To ensure that scholarly publications reach their widest possible audience and provide scholars a path to publication unimpeded by bias, it is essential that our industry address the systemic role that racism plays in shaping our workplaces. The fallout from our industry’s lack of diversity includes racial bias in citation impactworkplace microaggressionsracially insensitive and offensive business strategies, and racial and ethnic disparities in research studies. Collectively and individually, these experiences impede our missions as scholarly publishers.

For more information, read the blog post.

SAE Partners With General Motors for a STEM Education Program

SAE International and General Motors have joined forces to create Programming Each Other, a STEM curriculum program that focuses on IT. It is part of SAE International’s A World in Motion program, which fosters STEM skills for pre-K–8 grade levels. According to the press release, “Each lesson in the Programming Each Other challenge includes optional tech extensions and supporting videos, as well as opportunities for students to apply their knowledge and present their findings in a collaborative environment. However, the curriculum is designed as an ‘unplugged’ way to introduce students to IT, so it doesn’t require access to computers to help students grasp basic computer science fundamentals. Instead, students will learn to write programs by developing computational thinking skills with increasingly complex tasks.”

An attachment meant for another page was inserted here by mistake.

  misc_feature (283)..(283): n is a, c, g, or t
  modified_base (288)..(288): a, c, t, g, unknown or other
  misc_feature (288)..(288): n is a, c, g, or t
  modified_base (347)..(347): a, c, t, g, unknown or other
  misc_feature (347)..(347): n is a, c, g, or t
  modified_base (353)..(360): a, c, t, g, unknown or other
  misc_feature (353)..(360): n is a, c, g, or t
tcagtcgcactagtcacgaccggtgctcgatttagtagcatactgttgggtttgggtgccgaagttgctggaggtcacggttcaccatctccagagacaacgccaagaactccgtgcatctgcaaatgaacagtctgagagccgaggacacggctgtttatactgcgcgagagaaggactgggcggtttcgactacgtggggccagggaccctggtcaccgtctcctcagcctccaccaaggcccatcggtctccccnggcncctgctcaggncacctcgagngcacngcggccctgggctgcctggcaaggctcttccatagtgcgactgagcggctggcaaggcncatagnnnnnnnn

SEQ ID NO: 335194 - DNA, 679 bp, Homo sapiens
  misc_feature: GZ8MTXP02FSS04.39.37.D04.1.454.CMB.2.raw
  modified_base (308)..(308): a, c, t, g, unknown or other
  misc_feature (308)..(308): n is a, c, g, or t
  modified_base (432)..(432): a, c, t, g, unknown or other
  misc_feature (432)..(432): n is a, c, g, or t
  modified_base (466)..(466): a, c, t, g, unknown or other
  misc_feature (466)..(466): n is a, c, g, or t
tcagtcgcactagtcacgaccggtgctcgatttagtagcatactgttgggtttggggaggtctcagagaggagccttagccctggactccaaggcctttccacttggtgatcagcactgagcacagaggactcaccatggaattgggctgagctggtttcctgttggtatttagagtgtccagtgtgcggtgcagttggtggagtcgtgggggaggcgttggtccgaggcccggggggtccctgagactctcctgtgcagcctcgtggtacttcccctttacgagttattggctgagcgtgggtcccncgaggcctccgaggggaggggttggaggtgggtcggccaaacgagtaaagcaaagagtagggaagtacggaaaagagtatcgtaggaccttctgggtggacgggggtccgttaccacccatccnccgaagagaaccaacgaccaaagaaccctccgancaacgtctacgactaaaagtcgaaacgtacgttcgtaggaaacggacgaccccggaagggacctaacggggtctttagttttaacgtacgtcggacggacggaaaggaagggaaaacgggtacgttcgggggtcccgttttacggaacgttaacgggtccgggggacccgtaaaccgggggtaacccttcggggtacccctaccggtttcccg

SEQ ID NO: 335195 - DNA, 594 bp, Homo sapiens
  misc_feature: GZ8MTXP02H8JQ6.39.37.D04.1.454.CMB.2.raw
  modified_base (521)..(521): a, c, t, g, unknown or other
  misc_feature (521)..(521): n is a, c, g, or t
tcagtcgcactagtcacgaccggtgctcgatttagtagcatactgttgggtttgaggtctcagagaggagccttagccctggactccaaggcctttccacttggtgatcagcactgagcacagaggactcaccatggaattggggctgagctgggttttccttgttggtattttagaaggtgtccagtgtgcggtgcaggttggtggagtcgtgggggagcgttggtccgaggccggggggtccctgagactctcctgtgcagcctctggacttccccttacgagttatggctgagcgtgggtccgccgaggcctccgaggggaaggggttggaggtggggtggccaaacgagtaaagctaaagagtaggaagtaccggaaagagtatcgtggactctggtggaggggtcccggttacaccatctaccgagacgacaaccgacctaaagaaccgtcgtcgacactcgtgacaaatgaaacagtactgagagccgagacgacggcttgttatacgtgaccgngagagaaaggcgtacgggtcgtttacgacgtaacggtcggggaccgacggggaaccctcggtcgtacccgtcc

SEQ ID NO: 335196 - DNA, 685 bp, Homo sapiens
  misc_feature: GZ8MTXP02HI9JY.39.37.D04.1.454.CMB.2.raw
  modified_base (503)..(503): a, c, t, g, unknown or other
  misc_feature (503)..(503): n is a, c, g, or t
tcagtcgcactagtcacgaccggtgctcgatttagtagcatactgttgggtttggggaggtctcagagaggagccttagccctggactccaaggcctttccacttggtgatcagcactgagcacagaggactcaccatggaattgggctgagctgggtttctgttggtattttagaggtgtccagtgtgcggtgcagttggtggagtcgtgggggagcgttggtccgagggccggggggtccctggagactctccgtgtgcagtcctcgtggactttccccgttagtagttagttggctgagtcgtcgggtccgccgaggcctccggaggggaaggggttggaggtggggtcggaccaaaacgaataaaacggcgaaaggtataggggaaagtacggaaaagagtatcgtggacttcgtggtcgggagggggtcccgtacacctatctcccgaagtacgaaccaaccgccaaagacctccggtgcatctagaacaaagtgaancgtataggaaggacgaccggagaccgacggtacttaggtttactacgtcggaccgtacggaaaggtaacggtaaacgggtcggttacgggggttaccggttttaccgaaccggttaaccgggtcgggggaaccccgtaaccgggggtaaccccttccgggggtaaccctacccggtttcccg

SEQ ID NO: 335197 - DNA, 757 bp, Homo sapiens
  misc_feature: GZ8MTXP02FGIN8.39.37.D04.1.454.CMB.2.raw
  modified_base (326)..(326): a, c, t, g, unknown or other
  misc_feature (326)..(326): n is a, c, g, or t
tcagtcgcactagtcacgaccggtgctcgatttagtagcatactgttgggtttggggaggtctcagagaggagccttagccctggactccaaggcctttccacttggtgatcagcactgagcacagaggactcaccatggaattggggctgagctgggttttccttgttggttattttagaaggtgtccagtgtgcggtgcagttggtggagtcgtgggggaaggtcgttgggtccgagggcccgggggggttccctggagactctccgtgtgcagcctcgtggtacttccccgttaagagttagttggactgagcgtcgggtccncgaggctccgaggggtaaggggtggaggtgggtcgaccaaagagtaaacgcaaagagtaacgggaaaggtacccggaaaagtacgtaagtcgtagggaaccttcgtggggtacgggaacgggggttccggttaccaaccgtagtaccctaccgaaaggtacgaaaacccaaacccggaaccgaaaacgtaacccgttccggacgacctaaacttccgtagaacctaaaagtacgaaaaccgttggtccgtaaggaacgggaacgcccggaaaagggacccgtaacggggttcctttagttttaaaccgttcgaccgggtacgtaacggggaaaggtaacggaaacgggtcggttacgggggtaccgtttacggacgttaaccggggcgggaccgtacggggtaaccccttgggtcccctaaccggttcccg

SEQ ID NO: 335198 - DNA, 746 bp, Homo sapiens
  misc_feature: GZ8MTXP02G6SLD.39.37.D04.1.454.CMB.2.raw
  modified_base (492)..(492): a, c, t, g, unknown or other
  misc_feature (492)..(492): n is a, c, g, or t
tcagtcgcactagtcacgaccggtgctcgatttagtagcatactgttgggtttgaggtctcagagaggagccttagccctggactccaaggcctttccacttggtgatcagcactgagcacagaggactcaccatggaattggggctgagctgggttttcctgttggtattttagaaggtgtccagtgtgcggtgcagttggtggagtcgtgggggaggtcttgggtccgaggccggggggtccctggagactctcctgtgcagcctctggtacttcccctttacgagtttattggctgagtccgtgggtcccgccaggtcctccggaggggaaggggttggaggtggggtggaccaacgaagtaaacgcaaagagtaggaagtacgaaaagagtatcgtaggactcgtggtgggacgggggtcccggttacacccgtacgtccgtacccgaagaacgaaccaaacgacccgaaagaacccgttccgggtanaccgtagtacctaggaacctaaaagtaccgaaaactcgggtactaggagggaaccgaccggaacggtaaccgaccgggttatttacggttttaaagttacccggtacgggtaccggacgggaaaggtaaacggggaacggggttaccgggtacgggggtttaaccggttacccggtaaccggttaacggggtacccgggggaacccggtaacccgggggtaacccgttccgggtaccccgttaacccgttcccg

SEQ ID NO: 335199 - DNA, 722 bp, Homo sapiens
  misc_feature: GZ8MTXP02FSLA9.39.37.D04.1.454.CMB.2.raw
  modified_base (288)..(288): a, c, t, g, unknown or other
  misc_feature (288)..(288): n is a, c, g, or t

For more information, read the press release.

Mellon Foundation Provides Grants for Prison Education Services

The Andrew W. Mellon Foundation awarded 15 emergency grants totaling $1.5 million to help providers of higher education in prisons. According to the press release, “The grants will allow incarcerated students across the nation to continue learning while in-person instruction is paused as part of ongoing efforts to contain the spread of COVID-19. … Prison education providers will use the grants to experiment with virtual classrooms, retain key staff, and plan for 2020–21 instruction.”

“The Mellon Foundation believes in each and every student’s humanity,” says Elizabeth Alexander, the foundation’s president. “Expanding access to higher education is an essential step in the creation of a more just and equitable society. Millions of our fellow human beings are incarcerated in US prisons, and these grants will help ensure that even during the COVID crisis, these students have meaningful educational support as they pursue new knowledge and ideas.”

For more information, read the press release. 

Send correspondence concerning the Weekly News Digest to NewsBreaks Editor Brandi Scardilli